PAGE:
#1 International Best Seller
#1 International Best Seller
As we listen to or read a story, it’s natural to free-associate and be reminded of things we have long ago forgotten. These can often act like lit fuses in our imagination. From this point of view, storytelling is the perfect knowledge-management catalyst, igniting associations with the things we know about a particular topic, which we may not even know we know. In this way, listening to stories can help us build a latticework of knowledge, connecting what we know with what we’re currently learning. The effect is multiplicative. So, pay attention to what emerges in your imagination as you listen and learn. These seemingly disparate bits of information are the building blocks for deepening future understanding.
Whether things go as planned or crash and burn, by viewing the experience through the lens of story you can learn to see each event in the light of what you might learn from it. Debriefing your successes in this manner will reveal areas where you could have done even better. There is always room for improvement. Seeing your failures in the light of learning can redeem even the most difficult and painful experience, allowing you to see all was not entirely lost if you can learn from it.
The art of developing or writing a story depends on our capacity to recognize the universal in the particular. Imagine being almost run over by an ambulance that came tearing down the country road. The ambulance could represent, in a sense, the double-edged sword of technology. How ironic it is that the very things that we depend on to save us may end up killing us. Can you see how this “point” goes even beyond the context of technology, to a farther-reaching point? This is an excellent example of the universal in the particular. Because the universal resides in the particular (holographically), your predicament is your material. If you can make your vision coherent enough, like the laser light used to create a hologram, you will discern the universal theme or themes in your particular experience, or that of someone whose story you are creating or telling.
Now, you may be the kind of leader who believes you don’t want to be too transparent with your team. People getting to know you personally may make it doubly tricky down the road if you have to make the tough decision to let someone go. If leaders are to earn the trust of those who are following them, our bias is they must be authentic. Authenticity comes from knowing yourself and your story. While it’s not necessary to wear your biography on your sleeve, by sharing facets of your life at the right times, you will be perceived as more accessible and caring by your staff, all of which lead to greater trust.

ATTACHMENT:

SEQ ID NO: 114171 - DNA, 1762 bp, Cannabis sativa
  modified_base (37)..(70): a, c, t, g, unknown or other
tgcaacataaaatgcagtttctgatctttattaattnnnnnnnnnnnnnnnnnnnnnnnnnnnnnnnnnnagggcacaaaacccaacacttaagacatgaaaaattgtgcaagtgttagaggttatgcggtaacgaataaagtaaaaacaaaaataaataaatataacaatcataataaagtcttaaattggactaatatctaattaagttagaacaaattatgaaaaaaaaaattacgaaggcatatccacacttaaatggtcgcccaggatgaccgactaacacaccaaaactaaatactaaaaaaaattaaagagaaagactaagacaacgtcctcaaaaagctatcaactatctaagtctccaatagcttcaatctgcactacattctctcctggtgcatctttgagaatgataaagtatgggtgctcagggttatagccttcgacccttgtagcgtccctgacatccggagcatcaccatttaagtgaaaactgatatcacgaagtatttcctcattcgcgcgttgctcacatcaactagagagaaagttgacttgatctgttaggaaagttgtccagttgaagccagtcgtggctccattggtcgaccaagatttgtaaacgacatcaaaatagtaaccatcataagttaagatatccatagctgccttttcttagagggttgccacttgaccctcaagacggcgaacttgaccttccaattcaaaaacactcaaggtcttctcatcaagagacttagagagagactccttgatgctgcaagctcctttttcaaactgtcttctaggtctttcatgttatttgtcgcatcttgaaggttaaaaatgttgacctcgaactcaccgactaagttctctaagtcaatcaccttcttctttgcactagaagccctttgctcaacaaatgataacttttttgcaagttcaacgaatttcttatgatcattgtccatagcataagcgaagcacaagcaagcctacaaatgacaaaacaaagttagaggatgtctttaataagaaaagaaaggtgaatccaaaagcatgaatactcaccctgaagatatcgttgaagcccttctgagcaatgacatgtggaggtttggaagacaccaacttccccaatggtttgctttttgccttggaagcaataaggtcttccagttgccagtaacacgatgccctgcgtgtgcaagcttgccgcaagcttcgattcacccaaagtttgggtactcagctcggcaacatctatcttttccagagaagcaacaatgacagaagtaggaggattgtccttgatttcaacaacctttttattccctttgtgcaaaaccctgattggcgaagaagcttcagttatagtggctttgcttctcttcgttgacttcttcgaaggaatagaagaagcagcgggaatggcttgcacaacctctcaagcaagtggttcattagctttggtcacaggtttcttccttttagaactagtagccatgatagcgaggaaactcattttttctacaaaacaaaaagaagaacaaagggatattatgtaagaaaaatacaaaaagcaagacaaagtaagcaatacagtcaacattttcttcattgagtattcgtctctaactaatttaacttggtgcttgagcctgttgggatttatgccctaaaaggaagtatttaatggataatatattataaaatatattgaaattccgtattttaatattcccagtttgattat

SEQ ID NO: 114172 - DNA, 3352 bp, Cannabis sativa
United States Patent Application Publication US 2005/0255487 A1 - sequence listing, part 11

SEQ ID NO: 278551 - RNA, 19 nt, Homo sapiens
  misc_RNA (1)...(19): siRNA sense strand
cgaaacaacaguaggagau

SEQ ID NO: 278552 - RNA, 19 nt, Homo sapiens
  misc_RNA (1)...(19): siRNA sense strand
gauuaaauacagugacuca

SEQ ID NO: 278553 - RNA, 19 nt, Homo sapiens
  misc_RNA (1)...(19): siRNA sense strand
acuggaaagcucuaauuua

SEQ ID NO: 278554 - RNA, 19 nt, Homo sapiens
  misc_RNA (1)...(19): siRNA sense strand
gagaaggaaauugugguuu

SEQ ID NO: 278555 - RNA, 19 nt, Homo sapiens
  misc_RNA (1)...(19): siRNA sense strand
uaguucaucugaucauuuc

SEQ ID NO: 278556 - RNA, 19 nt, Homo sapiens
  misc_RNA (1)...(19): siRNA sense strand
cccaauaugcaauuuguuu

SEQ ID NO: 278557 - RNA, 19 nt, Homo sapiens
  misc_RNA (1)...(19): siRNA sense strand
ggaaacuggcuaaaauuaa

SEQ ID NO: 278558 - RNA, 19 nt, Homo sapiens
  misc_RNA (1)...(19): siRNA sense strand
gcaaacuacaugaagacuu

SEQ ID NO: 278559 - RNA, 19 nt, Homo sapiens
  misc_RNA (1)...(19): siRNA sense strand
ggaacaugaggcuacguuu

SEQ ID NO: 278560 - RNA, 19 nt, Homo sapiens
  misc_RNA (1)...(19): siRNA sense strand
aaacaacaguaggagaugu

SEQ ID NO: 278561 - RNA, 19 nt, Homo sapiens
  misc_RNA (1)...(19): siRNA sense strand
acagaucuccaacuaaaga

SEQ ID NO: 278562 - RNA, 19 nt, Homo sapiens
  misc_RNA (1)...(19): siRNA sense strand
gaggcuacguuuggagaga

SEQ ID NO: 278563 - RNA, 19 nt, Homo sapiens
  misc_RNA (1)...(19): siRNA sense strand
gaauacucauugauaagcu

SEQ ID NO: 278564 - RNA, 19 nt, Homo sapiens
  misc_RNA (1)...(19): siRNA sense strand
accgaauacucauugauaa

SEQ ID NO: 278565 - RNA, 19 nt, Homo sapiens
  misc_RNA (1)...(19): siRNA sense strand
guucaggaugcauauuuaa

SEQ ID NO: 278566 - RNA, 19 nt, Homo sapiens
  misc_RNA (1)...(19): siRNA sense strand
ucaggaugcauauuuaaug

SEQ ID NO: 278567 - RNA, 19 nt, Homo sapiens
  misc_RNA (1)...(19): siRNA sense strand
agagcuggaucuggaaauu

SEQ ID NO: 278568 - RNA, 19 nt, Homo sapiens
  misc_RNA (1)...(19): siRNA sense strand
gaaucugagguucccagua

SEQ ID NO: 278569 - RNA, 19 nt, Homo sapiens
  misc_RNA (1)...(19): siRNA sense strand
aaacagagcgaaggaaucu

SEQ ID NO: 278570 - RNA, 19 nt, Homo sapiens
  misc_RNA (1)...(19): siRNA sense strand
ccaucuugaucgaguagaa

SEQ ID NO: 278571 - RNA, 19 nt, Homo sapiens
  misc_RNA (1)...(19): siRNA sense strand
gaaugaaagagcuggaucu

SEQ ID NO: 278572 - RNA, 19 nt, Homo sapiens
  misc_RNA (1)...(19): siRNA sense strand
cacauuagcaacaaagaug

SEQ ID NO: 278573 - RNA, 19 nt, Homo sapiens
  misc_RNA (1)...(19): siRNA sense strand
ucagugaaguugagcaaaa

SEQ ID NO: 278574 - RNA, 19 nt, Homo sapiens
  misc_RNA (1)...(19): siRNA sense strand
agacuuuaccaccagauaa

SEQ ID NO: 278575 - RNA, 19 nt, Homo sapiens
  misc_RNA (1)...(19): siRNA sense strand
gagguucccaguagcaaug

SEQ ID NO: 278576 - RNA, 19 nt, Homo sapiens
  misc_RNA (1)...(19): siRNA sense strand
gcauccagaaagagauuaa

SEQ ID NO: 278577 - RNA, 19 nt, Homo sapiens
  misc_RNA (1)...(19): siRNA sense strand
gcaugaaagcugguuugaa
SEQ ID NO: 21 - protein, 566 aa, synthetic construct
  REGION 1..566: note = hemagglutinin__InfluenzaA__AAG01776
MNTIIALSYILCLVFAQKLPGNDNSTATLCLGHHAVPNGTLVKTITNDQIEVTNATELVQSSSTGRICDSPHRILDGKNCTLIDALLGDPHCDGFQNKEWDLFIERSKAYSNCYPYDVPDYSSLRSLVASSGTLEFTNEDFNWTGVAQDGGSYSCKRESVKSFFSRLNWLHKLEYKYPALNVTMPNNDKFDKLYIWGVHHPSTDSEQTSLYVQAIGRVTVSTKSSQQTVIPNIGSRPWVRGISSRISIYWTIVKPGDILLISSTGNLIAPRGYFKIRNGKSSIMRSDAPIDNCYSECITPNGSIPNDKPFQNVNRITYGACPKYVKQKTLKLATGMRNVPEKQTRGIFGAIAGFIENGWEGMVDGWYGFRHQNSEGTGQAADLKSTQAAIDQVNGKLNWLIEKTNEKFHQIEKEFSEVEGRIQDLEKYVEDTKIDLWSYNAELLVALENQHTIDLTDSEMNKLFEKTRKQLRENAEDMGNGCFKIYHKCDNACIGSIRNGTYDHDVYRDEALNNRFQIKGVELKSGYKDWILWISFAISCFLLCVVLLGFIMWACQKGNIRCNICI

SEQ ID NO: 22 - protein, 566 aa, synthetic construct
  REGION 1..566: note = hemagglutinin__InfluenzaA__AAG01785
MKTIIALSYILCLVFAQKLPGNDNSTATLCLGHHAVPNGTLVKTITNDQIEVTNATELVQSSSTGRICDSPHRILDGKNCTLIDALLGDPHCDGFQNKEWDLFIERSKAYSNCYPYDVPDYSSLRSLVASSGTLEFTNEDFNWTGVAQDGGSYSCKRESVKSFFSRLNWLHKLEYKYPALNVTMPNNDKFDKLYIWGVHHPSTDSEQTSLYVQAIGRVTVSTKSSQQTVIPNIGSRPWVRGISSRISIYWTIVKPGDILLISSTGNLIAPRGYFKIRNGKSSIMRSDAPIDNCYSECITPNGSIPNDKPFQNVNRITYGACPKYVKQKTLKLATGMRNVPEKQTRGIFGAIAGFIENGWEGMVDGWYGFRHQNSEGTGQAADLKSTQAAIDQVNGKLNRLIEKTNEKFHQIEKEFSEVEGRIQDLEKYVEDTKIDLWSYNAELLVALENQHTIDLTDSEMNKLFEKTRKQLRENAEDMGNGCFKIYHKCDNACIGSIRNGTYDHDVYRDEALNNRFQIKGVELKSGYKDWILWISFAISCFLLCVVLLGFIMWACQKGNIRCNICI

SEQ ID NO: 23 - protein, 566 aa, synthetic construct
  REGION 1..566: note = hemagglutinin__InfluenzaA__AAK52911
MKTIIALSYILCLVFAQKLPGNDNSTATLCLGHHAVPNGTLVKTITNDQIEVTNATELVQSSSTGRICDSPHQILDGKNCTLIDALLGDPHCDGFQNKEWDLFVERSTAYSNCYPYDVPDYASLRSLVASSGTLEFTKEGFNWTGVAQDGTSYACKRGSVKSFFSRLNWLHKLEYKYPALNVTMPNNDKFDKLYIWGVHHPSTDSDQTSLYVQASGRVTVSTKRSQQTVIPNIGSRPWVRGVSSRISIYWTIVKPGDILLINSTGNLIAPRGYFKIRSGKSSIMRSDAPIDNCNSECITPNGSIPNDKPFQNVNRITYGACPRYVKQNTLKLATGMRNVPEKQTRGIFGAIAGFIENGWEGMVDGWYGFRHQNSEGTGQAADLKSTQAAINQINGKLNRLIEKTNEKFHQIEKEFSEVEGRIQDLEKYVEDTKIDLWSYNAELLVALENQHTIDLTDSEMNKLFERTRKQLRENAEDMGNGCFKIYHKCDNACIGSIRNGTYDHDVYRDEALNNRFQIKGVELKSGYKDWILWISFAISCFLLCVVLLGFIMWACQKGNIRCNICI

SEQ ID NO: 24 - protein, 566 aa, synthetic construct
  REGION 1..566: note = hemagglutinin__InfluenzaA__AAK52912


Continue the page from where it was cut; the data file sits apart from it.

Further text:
There are a host of ways you can go about this. One hospital CEO we knew of would weekly put out a note to the entire staff sharing what had occurred in the previous days with his family. If his daughter had fallen and broken her arm and ended up in the hospital’s ER, he’d share what the experience was like for him as a concerned dad. If his son kicked the winning goal in the previous weekend’s soccer match, he’d proudly recount his excitement. If his wife had brought in a record crop of tomatoes from her garden, he included a photo of a ripe tomato sliced up in their evening salad. Invariably, as he walked the halls of the hospital, people he didn’t even know by name would stop to congratulate him or express concern for something difficult that had just occurred. That opened the door for him to ask about how things were going for this employee. It also allowed him to forge a new relationship on a first-name basis. You can bet when the hospital faced difficult times, and he had to ask people to make an extra sacrifice for the good of the institution, they rallied around him because they felt he was like them.
Your organization’s history can be a source of inspiration and identity for every member of the team. Included in that is what we call your “Foundation Story.” It details how you got your start and the many challenges you had to overcome. These kinds of stories remind everyone what you stand for and give new employees a sense that they were there in the beginning.
There is one challenge with these kinds of historical tales, though. Companies change over time. Frequently the stories about the past no longer reflect the culture and values of the company today. Our friends who were part of the Disney organization in its early years in Orlando lament the changes they have seen since Walt passed out of the picture. It’s a different company today, and the lore of yesterday now seems quaint. At worst, it’s entirely out of step with the twenty-first-century conglomerate Disney has become.
Every organization must reckon with its evolution, preserving what is best about the past and jettisoning things not reflective of contemporary reality.